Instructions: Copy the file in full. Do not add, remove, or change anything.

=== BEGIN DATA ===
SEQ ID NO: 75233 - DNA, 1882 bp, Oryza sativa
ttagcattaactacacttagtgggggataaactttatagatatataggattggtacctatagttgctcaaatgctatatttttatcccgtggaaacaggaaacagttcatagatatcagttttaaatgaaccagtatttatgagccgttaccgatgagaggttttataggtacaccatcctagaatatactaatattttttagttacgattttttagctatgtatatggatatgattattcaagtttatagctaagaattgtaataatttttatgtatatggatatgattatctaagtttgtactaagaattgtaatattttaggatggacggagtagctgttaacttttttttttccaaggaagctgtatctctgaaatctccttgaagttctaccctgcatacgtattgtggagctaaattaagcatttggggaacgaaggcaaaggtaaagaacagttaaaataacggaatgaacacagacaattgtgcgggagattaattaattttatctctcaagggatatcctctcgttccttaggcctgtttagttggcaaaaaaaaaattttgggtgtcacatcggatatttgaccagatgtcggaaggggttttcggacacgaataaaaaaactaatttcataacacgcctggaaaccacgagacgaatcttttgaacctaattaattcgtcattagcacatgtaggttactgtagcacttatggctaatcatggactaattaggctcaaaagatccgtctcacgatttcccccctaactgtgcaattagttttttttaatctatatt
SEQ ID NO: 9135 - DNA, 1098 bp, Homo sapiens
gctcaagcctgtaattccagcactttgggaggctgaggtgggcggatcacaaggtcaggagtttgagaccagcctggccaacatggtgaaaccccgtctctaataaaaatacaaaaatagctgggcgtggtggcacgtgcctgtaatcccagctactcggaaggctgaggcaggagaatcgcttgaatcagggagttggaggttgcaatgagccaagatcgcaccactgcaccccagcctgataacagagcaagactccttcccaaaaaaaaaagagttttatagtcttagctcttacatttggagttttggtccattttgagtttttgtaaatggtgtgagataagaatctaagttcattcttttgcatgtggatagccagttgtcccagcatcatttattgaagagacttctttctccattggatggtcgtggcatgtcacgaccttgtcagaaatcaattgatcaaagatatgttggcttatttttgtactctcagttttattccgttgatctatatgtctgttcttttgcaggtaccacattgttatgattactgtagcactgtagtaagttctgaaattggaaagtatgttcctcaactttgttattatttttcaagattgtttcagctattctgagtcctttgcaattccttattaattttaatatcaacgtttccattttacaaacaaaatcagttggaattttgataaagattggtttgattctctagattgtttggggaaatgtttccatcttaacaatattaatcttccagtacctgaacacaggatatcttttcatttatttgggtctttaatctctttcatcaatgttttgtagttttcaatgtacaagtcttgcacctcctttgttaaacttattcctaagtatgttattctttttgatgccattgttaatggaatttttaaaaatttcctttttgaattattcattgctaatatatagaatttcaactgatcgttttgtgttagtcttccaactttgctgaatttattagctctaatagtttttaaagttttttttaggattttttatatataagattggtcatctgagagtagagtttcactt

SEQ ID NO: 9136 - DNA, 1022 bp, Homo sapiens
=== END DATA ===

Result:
SEQ ID NO: 75233 - DNA, 1882 bp, Oryza sativa
ttagcattaactacacttagtgggggataaactttatagatatataggattggtacctatagttgctcaaatgctatatttttatcccgtggaaacaggaaacagttcatagatatcagttttaaatgaaccagtatttatgagccgttaccgatgagaggttttataggtacaccatcctagaatatactaatattttttagttacgattttttagctatgtatatggatatgattattcaagtttatagctaagaattgtaataatttttatgtatatggatatgattatctaagtttgtactaagaattgtaatattttaggatggacggagtagctgttaacttttttttttccaaggaagctgtatctctgaaatctccttgaagttctaccctgcatacgtattgtggagctaaattaagcatttggggaacgaaggcaaaggtaaagaacagttaaaataacggaatgaacacagacaattgtgcgggagattaattaattttatctctcaagggatatcctctcgttccttaggcctgtttagttggcaaaaaaaaaattttgggtgtcacatcggatatttgaccagatgtcggaaggggttttcggacacgaataaaaaaactaatttcataacacgcctggaaaccacgagacgaatcttttgaacctaattaattcgtcattagcacatgtaggttactgtagcacttatggctaatcatggactaattaggctcaaaagatccgtctcacgatttcccccctaactgtgcaattagttttttttaatctatatt
SEQ ID NO: 9135 - DNA, 1098 bp, Homo sapiens
gctcaagcctgtaattccagcactttgggaggctgaggtgggcggatcacaaggtcaggagtttgagaccagcctggccaacatggtgaaaccccgtctctaataaaaatacaaaaatagctgggcgtggtggcacgtgcctgtaatcccagctactcggaaggctgaggcaggagaatcgcttgaatcagggagttggaggttgcaatgagccaagatcgcaccactgcaccccagcctgataacagagcaagactccttcccaaaaaaaaaagagttttatagtcttagctcttacatttggagttttggtccattttgagtttttgtaaatggtgtgagataagaatctaagttcattcttttgcatgtggatagccagttgtcccagcatcatttattgaagagacttctttctccattggatggtcgtggcatgtcacgaccttgtcagaaatcaattgatcaaagatatgttggcttatttttgtactctcagttttattccgttgatctatatgtctgttcttttgcaggtaccacattgttatgattactgtagcactgtagtaagttctgaaattggaaagtatgttcctcaactttgttattatttttcaagattgtttcagctattctgagtcctttgcaattccttattaattttaatatcaacgtttccattttacaaacaaaatcagttggaattttgataaagattggtttgattctctagattgtttggggaaatgtttccatcttaacaatattaatcttccagtacctgaacacaggatatcttttcatttatttgggtctttaatctctttcatcaatgttttgtagttttcaatgtacaagtcttgcacctcctttgttaaacttattcctaagtatgttattctttttgatgccattgttaatggaatttttaaaaatttcctttttgaattattcattgctaatatatagaatttcaactgatcgttttgtgttagtcttccaactttgctgaatttattagctctaatagtttttaaagttttttttaggattttttatatataagattggtcatctgagagtagagtttcactt

SEQ ID NO: 9136 - DNA, 1022 bp, Homo sapiens